[0032] Completing the description of the operation of the circuit 10′ of FIG. 4, when a logic HIGH is applied to EN, a logic LOW is applied to the gates of transistors M3 and M4 by the output of IV1, thereby turning on those transistors and fixing the signal pathway to the gate and the bulk of M1 to the potential of Vcc. The HIGH at EN results in a coupling of the gate and bulk of M1 to Vcc through transistors M3 and M4, respectively so that that pass gate transistor is off. With transistors M3 and M4 on, transistor M1 will remain off, as that is the pathway with the lower impedance.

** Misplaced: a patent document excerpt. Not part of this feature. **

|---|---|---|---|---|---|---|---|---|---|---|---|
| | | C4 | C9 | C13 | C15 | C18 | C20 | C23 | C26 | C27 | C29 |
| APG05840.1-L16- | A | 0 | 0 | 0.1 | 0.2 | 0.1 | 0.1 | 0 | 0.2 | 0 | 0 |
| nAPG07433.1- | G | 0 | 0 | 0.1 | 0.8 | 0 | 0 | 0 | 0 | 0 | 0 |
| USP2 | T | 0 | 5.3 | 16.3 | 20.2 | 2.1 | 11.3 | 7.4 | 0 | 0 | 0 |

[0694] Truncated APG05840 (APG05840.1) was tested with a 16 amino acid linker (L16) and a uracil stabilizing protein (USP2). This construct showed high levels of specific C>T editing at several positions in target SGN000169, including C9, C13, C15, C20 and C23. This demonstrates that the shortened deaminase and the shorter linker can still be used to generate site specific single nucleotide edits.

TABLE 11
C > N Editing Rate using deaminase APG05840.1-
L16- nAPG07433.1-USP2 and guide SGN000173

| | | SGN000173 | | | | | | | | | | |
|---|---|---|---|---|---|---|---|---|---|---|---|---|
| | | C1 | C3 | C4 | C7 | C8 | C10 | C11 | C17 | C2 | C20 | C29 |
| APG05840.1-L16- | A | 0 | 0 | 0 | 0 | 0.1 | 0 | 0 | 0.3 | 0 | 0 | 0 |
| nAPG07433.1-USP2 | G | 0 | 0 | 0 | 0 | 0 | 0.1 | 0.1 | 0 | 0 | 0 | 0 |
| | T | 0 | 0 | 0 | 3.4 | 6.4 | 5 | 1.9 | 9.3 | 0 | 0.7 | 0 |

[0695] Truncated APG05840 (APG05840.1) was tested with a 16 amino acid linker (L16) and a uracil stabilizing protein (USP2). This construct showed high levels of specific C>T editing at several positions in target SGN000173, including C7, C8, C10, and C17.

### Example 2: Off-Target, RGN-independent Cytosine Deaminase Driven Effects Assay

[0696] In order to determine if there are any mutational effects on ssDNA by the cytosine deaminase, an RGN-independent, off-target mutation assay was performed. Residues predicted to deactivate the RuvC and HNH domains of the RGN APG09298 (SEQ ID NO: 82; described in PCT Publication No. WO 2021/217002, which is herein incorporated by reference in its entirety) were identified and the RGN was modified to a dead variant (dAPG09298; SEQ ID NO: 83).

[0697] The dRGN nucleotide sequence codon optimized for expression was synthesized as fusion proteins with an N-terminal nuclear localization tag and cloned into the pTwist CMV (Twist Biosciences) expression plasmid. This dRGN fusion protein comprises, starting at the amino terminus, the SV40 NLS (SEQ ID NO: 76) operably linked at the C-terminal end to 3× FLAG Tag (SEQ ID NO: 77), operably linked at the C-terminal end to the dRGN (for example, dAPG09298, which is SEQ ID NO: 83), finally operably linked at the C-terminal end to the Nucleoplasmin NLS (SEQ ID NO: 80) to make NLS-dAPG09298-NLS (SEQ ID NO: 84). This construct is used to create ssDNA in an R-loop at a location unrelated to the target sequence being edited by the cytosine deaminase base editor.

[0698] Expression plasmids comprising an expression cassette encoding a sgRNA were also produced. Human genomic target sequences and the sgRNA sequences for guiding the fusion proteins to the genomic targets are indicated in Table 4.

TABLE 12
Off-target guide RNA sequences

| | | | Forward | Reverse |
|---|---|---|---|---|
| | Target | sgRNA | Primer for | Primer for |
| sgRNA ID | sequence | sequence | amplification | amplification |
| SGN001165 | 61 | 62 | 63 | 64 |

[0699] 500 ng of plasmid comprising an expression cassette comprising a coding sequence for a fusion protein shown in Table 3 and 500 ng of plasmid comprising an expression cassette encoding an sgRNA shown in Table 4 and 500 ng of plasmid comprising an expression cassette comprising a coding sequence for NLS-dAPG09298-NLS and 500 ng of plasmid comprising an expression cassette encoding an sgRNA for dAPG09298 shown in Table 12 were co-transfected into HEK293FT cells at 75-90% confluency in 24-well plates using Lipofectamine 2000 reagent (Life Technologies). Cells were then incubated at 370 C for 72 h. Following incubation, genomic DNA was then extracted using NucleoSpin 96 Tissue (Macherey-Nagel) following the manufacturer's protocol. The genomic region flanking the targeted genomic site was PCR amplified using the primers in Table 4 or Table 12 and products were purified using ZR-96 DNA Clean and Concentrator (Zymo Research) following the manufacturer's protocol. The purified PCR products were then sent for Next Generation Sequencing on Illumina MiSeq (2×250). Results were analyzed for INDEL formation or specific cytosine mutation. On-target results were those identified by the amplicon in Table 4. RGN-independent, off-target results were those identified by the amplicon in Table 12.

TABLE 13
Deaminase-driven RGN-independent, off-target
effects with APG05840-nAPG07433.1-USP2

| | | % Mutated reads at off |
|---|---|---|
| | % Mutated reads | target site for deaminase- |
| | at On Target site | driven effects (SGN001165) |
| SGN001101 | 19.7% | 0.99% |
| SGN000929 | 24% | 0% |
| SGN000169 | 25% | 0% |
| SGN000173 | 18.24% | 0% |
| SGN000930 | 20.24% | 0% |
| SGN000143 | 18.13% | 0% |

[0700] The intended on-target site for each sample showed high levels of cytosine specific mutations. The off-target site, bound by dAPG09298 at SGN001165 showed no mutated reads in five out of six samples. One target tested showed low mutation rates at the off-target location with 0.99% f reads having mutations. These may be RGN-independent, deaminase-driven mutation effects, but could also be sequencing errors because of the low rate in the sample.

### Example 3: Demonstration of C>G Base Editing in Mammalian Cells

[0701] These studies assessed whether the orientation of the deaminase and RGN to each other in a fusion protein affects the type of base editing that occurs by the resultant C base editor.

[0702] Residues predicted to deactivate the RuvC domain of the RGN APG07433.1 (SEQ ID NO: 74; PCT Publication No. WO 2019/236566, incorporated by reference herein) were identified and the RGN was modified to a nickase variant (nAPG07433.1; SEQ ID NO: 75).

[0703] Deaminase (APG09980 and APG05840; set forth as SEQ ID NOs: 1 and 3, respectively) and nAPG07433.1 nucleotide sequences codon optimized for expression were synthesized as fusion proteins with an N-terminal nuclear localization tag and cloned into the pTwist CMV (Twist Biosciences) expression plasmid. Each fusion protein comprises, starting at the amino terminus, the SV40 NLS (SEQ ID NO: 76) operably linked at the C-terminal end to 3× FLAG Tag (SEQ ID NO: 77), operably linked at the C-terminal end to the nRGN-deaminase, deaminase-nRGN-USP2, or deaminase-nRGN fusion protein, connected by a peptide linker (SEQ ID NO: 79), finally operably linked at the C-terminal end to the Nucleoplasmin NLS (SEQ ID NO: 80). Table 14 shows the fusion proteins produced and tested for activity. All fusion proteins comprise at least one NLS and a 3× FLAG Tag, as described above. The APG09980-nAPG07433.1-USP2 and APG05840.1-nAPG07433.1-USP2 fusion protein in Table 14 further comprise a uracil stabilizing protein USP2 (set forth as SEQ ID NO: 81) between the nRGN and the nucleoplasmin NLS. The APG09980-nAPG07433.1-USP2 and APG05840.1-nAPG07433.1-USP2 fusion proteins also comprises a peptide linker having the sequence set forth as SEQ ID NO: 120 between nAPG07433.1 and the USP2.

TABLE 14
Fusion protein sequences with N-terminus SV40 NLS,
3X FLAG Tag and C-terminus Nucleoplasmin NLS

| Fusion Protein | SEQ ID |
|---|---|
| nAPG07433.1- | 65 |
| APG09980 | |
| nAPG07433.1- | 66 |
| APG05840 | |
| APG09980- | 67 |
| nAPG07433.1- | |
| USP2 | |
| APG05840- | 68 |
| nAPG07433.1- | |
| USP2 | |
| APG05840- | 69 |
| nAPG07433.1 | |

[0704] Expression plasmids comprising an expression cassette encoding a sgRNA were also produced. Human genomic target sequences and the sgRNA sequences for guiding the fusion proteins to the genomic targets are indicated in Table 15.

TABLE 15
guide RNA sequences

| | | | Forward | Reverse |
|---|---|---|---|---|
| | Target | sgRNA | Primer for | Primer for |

[0033] A second preferred embodiment of the high-frequency switch circuit of the present invention shown in FIG. 2 is shown as circuit 10″ in FIG. 5. Circuit 10″ includes inverter stage 20, first impedance element 30, second impedance element 40, and pass gate transistor M1, as previously shown. Impedance element 30 includes PMOS shunting control transistor M3 coupled in the manner previously described with respect to circuit 10′ of FIG. 4, as well as transistor M5. NMOS transistor M5 includes a gate coupled to the output of inverter IV1, a source coupled to the gate of M1, and a drain and a bulk coupled to GND. Impedance element 40 includes PMOS shunting control transistor M4 coupled in the manner previously described with respect to circuit 10′ of FIG. 4, as well as transistor M6. PMOS transistor M6 includes a gate coupled to the output of inverter IV2, a drain coupled to the bulk of M1, and a source and bulk coupled to Vcc.